Hudson Insurance Company v. The CFP Group, Inc. et al
Memorandum and Judgment Order granting 31 MOTION for Default Judgment; entering Default Judgment in favor of Hudson Insurance Company against Roberto J. Clark and The CFP Group, Inc.; directing the Clerk to close this case. Signed by Judge Paul W. Grimm on 3/7/2017. (jf3s, Deputy Clerk) Modified on 3/7/2017 (jf3s, Deputy Clerk).
IN THE UNITED STATES DISTRICT COURT
FOR THE DISTRICT OF MARYLAND
HUDSON INSURANCE CO.,
THE CFP GROUP, INC., et al.,
Civil Case No. PWG-15-283
MEMORANDUM AND JUDGMENT
In this action for breach of a contract of indemnity, Plaintiff Hudson Insurance Co.
(“Hudson”) has filed a Motion for Default Judgment and Memorandum in Support as to the two
remaining Defendants, the CFP Group, Inc. (“CFP”), and Roberto J. Clark. ECF Nos. 31, 31-1.
Defendants were properly served with the Complaint, but did not answer or otherwise defend.
Taking the well-pleaded factual allegations as true and considering the affidavit and exhibits
filed with Hudson’s Motion, I find that Hudson has established Defendants’ liability for breach
of contract, as well as the amount of damages Plaintiff incurred for losses, consultant fees, and
legal expenses under the indemnity agreement. Accordingly, I will grant Hudson’s Motion and
close this case.
Specifically, I find that “CFP, as principal and corporate indemnitor, and Roberto . . .
Clark, as individual indemnitor, executed a general agreement of indemnity (the ‘Indemnity
Agreement’) in favor of Hudson.” Compl. ¶ 10, ECF No. 1.1 In it, Defendants agreed “to
Although the purported signature of Sujata Clark also appeared on the Indemnity Agreement
and Hudson originally named Sujata Clark (now known as Sujata Chopra) as a Defendant,
Chopra “asserted that her allegedly notarized signature on the Indemnity Agreement was a
forgery and that she never signed it,” and Hudson dropped its claims against Chopra after
exonerate and indemnify Hudson and to hold it harmless from and against all demands,
liabilities, losses, costs, damages, attorneys’ fees and expenses . . . that Hudson might sustain or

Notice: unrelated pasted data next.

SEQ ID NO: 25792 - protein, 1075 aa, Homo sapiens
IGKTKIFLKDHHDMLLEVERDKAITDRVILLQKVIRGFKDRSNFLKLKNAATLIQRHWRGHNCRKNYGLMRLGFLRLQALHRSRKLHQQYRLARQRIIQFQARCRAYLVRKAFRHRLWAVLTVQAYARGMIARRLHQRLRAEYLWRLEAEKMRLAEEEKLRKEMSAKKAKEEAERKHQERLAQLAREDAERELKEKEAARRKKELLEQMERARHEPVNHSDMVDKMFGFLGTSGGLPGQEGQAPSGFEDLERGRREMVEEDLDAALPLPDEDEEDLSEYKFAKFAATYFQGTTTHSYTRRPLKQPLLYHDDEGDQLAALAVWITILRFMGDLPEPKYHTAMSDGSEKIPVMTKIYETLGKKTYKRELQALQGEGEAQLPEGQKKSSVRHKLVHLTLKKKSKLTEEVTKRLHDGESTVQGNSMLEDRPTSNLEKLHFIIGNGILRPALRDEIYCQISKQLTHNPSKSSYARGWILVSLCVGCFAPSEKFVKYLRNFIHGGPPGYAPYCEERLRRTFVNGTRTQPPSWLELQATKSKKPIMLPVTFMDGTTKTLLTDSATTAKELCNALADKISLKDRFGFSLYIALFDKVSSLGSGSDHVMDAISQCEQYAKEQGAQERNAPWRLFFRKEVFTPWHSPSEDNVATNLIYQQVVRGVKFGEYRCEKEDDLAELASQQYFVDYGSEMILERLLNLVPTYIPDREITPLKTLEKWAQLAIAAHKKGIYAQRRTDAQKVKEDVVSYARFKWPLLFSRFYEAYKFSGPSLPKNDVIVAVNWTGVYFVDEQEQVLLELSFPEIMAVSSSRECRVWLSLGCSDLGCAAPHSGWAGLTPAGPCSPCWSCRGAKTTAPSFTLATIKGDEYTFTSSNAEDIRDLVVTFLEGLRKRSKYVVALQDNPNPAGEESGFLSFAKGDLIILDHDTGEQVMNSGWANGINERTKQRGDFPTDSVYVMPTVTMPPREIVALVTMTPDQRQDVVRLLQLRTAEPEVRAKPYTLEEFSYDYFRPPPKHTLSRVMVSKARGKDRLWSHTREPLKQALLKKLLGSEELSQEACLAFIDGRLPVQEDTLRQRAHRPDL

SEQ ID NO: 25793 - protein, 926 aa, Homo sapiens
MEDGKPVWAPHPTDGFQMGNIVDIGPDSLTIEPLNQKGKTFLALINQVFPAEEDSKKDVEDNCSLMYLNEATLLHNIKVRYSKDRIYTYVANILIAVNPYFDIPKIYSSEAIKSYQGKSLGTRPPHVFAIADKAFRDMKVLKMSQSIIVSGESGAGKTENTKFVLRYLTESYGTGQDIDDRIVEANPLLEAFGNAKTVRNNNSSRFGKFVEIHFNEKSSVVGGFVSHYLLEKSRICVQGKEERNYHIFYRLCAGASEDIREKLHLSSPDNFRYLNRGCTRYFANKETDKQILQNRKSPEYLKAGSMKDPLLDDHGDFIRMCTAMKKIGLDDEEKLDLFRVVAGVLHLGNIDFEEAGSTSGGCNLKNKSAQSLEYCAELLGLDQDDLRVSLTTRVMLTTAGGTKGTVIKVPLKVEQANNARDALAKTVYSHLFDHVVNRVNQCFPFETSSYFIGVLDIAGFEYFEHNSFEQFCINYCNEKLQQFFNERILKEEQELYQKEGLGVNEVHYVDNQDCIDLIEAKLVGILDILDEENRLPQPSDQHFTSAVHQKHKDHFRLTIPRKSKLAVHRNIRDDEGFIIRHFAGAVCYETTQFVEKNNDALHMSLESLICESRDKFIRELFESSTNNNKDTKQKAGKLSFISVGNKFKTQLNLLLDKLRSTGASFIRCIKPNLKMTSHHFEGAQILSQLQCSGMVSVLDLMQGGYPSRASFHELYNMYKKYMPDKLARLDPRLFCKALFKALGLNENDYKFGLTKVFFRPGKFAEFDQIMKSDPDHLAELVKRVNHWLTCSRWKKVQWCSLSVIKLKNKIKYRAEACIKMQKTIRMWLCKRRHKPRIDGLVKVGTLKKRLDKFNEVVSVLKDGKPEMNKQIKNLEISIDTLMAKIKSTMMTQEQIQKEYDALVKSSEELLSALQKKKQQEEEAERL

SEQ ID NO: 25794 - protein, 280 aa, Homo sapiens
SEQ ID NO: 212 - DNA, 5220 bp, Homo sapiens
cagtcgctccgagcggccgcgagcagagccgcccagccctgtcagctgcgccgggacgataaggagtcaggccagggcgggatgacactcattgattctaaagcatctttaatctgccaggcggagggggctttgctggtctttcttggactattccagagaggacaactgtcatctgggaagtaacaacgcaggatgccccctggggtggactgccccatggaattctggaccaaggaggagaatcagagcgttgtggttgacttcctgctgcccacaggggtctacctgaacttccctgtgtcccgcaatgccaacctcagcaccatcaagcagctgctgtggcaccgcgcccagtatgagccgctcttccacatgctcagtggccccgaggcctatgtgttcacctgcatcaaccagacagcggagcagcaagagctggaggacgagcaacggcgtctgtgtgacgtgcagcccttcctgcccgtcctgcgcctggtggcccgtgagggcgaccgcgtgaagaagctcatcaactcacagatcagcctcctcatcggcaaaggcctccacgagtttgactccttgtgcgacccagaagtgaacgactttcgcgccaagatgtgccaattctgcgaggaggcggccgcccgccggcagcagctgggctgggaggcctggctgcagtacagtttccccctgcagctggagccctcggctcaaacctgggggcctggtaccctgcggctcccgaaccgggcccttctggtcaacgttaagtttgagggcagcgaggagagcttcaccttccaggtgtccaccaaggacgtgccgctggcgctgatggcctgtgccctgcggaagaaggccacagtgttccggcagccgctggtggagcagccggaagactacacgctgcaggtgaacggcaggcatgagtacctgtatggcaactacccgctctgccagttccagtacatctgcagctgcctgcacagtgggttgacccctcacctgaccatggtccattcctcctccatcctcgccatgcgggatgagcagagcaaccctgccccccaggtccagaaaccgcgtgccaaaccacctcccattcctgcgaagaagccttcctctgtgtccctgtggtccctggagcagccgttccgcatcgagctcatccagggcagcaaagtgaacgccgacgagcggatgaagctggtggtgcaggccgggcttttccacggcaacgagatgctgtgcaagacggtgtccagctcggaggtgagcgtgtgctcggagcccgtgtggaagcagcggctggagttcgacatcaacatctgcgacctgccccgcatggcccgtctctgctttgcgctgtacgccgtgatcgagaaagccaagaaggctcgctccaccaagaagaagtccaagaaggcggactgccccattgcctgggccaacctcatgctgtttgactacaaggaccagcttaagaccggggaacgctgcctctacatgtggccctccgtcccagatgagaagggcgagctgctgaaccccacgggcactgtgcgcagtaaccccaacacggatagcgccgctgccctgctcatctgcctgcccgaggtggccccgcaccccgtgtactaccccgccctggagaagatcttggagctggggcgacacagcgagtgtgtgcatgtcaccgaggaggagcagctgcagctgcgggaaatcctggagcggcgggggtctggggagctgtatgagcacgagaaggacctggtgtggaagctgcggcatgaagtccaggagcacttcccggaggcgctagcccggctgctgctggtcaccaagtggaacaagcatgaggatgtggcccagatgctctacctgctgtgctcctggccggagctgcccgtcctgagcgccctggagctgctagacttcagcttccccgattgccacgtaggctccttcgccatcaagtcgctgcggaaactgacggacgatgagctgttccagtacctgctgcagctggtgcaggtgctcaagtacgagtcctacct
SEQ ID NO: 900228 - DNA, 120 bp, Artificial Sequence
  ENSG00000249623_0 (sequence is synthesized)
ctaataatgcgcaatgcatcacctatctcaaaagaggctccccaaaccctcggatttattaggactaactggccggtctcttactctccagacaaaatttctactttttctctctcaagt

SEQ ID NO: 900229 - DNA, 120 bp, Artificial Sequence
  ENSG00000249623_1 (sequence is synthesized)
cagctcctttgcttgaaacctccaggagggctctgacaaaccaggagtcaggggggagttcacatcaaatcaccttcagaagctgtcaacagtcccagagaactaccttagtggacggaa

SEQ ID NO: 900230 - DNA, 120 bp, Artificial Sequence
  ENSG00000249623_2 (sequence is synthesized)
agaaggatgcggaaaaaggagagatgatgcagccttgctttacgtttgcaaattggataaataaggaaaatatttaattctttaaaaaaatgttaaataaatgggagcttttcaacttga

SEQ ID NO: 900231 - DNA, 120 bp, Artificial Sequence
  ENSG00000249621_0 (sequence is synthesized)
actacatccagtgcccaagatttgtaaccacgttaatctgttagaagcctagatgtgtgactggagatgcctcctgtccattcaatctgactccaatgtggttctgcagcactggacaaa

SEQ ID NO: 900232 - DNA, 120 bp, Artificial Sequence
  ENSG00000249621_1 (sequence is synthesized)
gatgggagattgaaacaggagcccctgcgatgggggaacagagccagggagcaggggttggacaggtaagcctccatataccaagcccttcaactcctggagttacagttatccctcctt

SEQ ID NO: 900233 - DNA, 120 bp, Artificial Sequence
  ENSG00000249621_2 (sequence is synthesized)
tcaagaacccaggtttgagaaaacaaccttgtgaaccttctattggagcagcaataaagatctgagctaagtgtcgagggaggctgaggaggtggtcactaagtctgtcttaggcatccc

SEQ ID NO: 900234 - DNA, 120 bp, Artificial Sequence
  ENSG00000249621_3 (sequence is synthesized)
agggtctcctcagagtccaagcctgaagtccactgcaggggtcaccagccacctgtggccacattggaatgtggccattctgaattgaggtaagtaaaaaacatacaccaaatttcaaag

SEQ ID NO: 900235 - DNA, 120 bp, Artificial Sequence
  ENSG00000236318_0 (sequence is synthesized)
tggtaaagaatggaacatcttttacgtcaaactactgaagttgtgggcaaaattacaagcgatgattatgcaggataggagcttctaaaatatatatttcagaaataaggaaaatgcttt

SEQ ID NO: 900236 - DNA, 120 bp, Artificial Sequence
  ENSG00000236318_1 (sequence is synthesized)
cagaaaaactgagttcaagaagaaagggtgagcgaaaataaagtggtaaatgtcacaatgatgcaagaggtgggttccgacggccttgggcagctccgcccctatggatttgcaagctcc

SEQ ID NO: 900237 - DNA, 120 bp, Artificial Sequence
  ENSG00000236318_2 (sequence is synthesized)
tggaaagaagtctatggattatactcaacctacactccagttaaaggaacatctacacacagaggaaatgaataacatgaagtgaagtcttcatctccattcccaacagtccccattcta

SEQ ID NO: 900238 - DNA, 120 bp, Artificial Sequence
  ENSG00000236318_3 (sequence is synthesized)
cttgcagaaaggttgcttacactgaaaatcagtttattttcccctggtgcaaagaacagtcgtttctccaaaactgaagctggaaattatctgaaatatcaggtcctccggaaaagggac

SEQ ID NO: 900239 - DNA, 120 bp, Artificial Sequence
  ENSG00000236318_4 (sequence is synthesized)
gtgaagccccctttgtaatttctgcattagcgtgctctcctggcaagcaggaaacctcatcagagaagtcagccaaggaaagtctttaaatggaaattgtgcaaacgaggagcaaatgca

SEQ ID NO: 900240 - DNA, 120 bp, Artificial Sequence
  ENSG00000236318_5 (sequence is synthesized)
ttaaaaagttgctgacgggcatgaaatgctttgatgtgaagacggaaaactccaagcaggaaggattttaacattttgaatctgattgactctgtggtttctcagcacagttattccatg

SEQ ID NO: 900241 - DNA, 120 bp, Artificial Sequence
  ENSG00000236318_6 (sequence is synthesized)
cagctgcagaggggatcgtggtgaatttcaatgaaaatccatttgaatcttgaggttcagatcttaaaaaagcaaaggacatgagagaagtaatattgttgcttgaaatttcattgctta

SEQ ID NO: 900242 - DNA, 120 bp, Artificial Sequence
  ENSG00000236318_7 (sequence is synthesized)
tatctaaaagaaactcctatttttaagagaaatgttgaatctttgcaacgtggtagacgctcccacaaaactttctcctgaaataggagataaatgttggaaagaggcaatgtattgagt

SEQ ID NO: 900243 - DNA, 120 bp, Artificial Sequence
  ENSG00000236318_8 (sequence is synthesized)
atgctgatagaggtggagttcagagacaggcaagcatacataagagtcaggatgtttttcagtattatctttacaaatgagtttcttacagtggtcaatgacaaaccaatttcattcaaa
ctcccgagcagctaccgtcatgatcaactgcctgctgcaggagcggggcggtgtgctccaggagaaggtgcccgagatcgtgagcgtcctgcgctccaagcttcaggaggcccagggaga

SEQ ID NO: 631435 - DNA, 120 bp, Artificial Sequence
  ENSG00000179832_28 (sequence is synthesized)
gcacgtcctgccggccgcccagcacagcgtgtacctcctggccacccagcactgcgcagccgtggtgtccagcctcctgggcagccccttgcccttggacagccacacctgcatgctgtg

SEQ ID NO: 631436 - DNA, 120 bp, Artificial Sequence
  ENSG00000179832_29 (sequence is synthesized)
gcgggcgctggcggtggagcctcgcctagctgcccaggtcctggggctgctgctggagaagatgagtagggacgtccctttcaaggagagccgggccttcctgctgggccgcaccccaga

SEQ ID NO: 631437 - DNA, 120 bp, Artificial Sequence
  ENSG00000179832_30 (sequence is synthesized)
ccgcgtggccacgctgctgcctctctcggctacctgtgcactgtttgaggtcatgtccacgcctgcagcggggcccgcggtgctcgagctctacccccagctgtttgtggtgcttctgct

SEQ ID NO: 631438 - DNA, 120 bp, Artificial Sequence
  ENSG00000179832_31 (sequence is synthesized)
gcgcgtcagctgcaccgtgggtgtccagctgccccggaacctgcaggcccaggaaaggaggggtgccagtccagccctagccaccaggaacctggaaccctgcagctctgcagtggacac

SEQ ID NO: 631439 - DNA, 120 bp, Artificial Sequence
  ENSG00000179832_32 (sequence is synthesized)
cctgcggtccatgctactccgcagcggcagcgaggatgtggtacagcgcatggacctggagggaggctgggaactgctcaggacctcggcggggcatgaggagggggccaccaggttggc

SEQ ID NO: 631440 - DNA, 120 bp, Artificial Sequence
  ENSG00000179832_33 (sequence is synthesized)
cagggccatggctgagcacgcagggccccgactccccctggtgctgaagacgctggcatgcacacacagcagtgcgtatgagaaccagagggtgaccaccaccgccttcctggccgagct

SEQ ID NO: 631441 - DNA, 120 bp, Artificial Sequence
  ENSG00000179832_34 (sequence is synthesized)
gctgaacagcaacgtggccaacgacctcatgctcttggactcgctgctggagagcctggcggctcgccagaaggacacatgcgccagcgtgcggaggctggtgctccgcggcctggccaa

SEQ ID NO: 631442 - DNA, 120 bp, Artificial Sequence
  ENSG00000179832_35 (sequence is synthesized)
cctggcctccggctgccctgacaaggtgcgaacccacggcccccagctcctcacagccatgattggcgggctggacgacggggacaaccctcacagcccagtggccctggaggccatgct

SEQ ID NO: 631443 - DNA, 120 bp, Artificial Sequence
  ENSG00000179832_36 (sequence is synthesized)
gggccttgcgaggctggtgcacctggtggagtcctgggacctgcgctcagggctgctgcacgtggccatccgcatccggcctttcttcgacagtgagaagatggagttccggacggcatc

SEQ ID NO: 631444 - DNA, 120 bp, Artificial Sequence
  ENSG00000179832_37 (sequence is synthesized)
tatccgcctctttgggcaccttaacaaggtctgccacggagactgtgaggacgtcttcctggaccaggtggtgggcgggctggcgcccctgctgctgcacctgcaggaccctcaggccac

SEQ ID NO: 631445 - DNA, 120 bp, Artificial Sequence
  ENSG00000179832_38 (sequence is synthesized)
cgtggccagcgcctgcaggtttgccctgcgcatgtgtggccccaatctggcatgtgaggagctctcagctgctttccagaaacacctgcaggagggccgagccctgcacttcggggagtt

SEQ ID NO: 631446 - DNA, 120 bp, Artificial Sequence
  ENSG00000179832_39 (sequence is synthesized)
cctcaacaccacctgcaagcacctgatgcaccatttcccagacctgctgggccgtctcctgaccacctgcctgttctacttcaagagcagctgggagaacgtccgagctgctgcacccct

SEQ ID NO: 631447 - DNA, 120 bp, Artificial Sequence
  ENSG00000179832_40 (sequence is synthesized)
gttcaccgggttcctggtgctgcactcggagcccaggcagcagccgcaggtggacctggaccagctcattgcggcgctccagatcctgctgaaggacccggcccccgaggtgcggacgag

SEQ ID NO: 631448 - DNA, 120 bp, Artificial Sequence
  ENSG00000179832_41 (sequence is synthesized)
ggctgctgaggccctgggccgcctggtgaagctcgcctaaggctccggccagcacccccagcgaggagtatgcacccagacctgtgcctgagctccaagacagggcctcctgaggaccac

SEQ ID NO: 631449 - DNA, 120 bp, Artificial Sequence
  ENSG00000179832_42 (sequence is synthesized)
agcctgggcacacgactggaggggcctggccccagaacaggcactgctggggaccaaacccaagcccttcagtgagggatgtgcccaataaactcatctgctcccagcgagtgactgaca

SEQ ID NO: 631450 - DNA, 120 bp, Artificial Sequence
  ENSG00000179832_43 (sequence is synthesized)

incur as a result of issuing bonds on behalf of CFP.” Id. ¶ 11. Hudson then issued project
payment bonds and performance bonds “securing CFP’s performance of construction contracts.”
Id. ¶ 12.
With regard to a construction project that CFP contracted to complete for the United
States (through the General Services Administration (“GSA”)), Hudson issued two bonds, each
in the penal sum of $1,048,114.00. Id. ¶ 14. When CFP failed to perform on that project,
Hudson received a completion demand from GSA and completed the remaining work, incurring
losses, consultant fees, and legal expenses of $190,454.12 under the project payment bond and
losses of $517,869.08 under the performance bond for payments to subcontractors and suppliers,
as well as consulting fees and expenses. Id. ¶¶ 16–18, 26–27. GSA compensated Hudson
$209,468.06 for the project, resulting in a net loss of $498,855.14 as of the date of the
Complaint. Id. ¶ 28.
With regard to a second construction project that CFP contracted to complete for the
United States (this time through the National Park Service (“NPS”)), Hudson also issued a
project payment bond and a performance bond, each in the penal sum of $307,623.93. Id. ¶ 30.
When CFP failed to perform on that project, Hudson received a completion demand from NPS
and completed the remaining work, incurring losses, consultant fees, and legal expenses of
$105,248.46 under the project payment bond and losses of $78,846.00 under the performance
bond for payments to subcontractors, as well as consulting fees and expenses. Id. ¶¶ 32–34, 39–
deposing the notary who purportedly witnessed the signature. Pl.’s Mot. ¶¶ 30–31; see ECF Nos.
40. NPS compensated Hudson $43,997.71 for the project, resulting in a net loss of $140,096.75
as of the date of the Complaint. Id. ¶ 41.
Hudson’s combined losses resulting from CFP’s failure to perform on these two projects
was $638,951.89 at the time it filed suit. Compl. ¶ 51. Hudson filed suit against Defendants and
former Defendant Sujata Clark (now Sujata Chopra) on January 30, 2015, claiming that, in
breach of the Indemnity Agreement, Defendants have refused to “cure their defaults and
reimburse Hudson for its damages.” Id. ¶ 47. Chopra was served on April 2, 2015 and filed an
answer. ECF Nos. 5, 7. CFP and Clark were properly served with the Complaint on May 4,
2015. ECF Nos. 9 & 10. Their responses to the Complaint were due to be filed on or before
May 26, 2015, but they did not answer or otherwise defend. CFP’s default was entered by the
Clerk of the Court on July 8, 2015, ECF No. 18, and Clark’s default was entered by the Clerk of
the Court on July 29, 2015, ECF No. 20. Hudson dismissed its claim against Chopra and filed a
Motion for Default Judgment as to the two remaining Defendants in this case, CFP and Roberto
Clark. ECF No. 31. Given that Defendants failed to defend, Hudson’s well-pleaded factual
allegations summarized above are taken as true, and I find that Hudson has established
Defendants’ liability for breach of the Indemnity Agreement. See Ryan v. Homecomings Fin.
Network, 253 F.3d 778, 780 (4th Cir. 2001).
As for damages, in its Motion for Default Judgment and Memorandum in Support,